When Spartacus looks up at us with his soulful eyes full of innocence, it's easy to forget about the side of him that seems vicious and aggressive. Especially considering what an angel he is to his little sister, Delilah. He's never shown an ounce of meanness toward her, even though she pounces on him in his sleep and chews on his ears and jowls when he's trying to relax. He doesn't put up a fight when she steals his bones and toys, and he's happy to be her pillow any time of day.
After going through Basic Training when he was a year and a half old, he also became quite the gentleman toward people. Sparty prefers to properly introduce himself with a handshake. He still has trouble containing his excitement and wants to hug visitors, but overall he knows his manners and understands he has to earn his privileges with good behavior and neat tricks. He won first place in "Down Stay with Distractions" when he graduated his Basics course, after all.
And let's not forget his never-ending concern for his people. Indoors, we sometimes regard Sparty as our therapy dog. His love of cuddling is intense, and he's the kind of dog that will wake up from his slumber and lick tears off your face if you've had a bad day.
This all changes when we leave the comfort of our home. His soft brow with his sweet, sad eyes furrows as Sparty locks in on the target, another dog walking on leash. All hell breaks loose and he goes berzerk - lunging, growling, barking, writhing in the air. Spartacus is leash reactive and his main trigger is other dogs walking on leashes.
Luckily we've never lost control of the leash, so the worst that's come out of this most of the time is embarrassment, and startling strangers. But a strong 60 pound dog resisting the leash with all his might is not to be taken lightly, and can pose a danger to the handler, other dogs and people, and the reactive dog itself. We've had our share of bruises to prove it.
He didn't start out this way. He was a happy go lucky puppy for the most part, despite being found homeless with Canine Distemper and mange. We didn't know very much about training and were intent on spoiling this puppy who had suffered so greatly. We barely socialized him due to his weak immune system. By the time he was full grown, he was difficult to control but still perfectly happy, a bit too enthusiastic maybe, to pass dogs on leash. His aggressive reactivity seems to coincide with the time we started training him to heel, ironically. We have some theories about where we went wrong, and we suspect a combination of genetics, upbringing, and day to day management are all equally related to reactivity. Like others, we are guilty of doting on the past and over-analyzing our mistakes. Ultimately, it's more fruitful to focus on what we are doing in the present to manage Sparty's aggressive reaction to other dogs he sees on leash.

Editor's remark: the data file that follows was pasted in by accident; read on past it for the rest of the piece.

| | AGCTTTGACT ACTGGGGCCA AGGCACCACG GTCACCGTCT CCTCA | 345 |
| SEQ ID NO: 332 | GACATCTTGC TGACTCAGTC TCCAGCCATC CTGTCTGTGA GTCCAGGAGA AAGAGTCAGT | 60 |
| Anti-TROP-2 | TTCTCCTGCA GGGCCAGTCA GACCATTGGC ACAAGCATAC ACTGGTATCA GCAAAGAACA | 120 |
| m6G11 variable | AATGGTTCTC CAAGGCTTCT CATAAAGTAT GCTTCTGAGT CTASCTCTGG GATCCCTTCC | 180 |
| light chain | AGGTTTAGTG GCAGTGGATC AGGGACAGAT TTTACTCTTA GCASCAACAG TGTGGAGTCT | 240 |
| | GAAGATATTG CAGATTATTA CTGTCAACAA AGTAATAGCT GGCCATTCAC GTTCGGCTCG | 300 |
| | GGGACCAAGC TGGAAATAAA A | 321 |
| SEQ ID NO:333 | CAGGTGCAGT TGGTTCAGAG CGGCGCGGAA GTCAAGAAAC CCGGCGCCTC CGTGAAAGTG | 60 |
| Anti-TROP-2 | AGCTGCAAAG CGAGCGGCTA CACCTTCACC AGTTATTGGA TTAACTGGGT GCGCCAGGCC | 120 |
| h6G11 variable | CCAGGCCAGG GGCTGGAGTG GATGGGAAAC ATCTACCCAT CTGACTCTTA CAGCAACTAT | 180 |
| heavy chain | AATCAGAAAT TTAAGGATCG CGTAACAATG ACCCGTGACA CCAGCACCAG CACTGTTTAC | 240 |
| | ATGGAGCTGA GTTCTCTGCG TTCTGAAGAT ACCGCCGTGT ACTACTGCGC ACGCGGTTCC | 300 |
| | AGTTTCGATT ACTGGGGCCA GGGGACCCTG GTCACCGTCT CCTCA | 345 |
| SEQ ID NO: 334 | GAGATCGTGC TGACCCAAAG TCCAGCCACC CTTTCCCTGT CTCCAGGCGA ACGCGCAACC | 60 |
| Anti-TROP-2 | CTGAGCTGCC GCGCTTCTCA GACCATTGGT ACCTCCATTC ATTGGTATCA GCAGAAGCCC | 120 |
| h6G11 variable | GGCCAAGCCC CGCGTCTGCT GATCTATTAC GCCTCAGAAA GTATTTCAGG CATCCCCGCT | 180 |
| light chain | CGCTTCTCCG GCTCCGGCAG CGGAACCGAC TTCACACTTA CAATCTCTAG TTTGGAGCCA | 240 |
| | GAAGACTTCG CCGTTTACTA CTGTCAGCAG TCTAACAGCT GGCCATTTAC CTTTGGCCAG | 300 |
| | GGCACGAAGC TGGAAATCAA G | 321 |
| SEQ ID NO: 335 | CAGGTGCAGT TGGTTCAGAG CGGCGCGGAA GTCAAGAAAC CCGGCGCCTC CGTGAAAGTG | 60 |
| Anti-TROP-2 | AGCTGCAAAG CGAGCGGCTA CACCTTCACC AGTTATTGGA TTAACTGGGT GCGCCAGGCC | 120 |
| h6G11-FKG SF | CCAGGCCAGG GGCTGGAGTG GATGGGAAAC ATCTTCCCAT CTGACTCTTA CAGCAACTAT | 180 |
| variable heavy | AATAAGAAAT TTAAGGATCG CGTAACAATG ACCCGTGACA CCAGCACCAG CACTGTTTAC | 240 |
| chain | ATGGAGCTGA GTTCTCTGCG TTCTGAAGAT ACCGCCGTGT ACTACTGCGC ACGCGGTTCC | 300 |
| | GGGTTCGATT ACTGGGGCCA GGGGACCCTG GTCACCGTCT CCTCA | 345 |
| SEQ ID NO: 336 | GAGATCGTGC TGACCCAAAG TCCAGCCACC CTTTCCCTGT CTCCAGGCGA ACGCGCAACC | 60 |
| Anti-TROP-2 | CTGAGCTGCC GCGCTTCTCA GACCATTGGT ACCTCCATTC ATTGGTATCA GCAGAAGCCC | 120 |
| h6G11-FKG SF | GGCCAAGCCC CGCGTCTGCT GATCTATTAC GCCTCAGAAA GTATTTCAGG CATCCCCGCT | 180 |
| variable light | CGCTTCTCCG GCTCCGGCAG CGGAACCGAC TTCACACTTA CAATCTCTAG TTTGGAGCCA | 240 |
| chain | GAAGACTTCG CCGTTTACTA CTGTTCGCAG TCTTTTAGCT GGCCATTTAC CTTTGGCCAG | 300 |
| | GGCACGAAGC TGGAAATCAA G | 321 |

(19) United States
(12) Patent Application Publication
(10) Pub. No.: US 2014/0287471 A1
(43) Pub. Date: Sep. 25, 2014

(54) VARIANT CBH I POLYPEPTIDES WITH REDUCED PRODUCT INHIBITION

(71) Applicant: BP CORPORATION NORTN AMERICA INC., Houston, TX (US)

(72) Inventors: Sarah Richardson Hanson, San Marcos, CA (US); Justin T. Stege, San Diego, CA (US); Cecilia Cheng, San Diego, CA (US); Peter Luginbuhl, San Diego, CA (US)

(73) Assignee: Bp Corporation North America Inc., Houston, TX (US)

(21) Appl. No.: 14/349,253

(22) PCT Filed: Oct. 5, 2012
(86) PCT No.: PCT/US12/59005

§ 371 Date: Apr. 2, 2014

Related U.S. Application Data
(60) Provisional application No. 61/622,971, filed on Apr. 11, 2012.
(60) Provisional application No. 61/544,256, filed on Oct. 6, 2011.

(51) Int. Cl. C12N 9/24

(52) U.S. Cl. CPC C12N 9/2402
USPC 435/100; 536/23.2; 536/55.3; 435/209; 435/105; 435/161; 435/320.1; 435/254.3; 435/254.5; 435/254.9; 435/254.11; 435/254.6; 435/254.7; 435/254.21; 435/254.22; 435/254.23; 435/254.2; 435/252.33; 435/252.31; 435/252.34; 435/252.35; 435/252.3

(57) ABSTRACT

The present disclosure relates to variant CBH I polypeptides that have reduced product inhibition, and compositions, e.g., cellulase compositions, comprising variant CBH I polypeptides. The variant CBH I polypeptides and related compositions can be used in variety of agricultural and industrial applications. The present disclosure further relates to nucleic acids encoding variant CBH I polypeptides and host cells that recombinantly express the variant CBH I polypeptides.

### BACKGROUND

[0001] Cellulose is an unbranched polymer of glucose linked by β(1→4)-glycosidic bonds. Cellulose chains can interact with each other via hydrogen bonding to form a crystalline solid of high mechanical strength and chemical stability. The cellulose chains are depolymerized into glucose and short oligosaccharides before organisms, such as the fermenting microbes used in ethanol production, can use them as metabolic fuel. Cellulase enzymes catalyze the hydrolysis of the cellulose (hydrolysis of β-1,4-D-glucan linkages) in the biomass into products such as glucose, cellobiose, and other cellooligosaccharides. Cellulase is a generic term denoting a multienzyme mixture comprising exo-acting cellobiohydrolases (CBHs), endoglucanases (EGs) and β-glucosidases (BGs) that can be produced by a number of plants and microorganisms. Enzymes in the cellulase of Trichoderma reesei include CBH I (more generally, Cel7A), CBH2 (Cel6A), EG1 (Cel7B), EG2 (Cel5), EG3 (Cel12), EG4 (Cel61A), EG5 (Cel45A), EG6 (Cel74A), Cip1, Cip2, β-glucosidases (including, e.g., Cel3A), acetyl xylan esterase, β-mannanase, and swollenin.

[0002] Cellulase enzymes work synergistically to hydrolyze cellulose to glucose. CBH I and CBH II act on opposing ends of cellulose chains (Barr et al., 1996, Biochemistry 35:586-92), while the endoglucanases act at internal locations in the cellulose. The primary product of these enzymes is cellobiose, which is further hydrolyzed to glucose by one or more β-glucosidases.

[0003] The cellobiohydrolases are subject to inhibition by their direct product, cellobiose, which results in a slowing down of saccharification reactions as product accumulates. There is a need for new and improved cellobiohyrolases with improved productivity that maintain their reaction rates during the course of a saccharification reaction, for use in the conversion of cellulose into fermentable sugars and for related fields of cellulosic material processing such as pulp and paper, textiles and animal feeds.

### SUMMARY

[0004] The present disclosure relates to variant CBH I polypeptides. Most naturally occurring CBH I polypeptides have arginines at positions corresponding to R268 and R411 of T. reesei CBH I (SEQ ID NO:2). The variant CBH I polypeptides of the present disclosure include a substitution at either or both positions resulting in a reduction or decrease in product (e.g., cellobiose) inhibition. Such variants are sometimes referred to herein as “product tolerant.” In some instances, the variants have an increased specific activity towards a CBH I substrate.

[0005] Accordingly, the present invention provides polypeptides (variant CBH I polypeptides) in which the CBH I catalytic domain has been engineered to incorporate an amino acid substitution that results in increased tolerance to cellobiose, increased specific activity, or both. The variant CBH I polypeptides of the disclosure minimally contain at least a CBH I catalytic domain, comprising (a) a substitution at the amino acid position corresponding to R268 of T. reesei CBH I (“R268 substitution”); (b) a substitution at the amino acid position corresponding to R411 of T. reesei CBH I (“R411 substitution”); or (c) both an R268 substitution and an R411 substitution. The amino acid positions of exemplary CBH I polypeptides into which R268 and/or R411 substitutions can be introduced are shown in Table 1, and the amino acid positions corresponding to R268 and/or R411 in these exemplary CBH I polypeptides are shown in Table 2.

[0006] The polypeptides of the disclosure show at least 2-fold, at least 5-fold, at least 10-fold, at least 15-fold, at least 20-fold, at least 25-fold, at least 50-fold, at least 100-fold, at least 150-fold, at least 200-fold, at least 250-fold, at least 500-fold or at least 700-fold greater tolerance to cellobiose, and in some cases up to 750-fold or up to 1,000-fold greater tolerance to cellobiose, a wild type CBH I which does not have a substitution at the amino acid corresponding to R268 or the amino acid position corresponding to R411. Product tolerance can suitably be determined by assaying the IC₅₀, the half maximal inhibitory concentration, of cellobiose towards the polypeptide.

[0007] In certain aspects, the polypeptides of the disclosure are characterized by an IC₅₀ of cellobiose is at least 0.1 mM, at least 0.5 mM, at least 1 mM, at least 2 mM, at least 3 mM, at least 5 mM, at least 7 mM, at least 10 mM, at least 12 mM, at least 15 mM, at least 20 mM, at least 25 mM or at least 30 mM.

Luckily, we have the help of a professional and the support of a community to guide us in learning to manage our Dr.Jeckyll and Mr.Hyde pup. We are taking a special class with a handful of other reactive dogs, and learning how to implement well-timed rewards and corrections to counter-condition our dogs to their triggers. Like many others, the "watch me" command is our starting point. Currently, we use a parachute cord slip collar to give corrections when Spartacus is ignoring us and starting to target another dog. We understand that some people want to use 100% reward based management, but with a strong 60 pound dog, it's impossible to ignore his outbursts - he might literally drag us into moving traffic if given the opportunity.
In the last month since we started our class, we have progressed to being able to be on the opposite sidewalk of passing dogs with Sparty choosing to look to us for treats. Closer distances to passing dogs still have mixed results, but by body-blocking and grabbing Sparty's collar, we can get him to calm down quicker when he does react. It makes us sad to see something that is so normal for other dogs, including our Delilah, be so stressful for our special boy. We hope that the new techniques we are implementing will eventually make these experiences more normal and enjoyable for us all.
*This post is part of the WOOF (Working Out Our Fears) Support blog hop, where other owners with reactive dogs can join together to share their experiences. Today's theme is "A walk in my shoes/paws". #WOOFsupport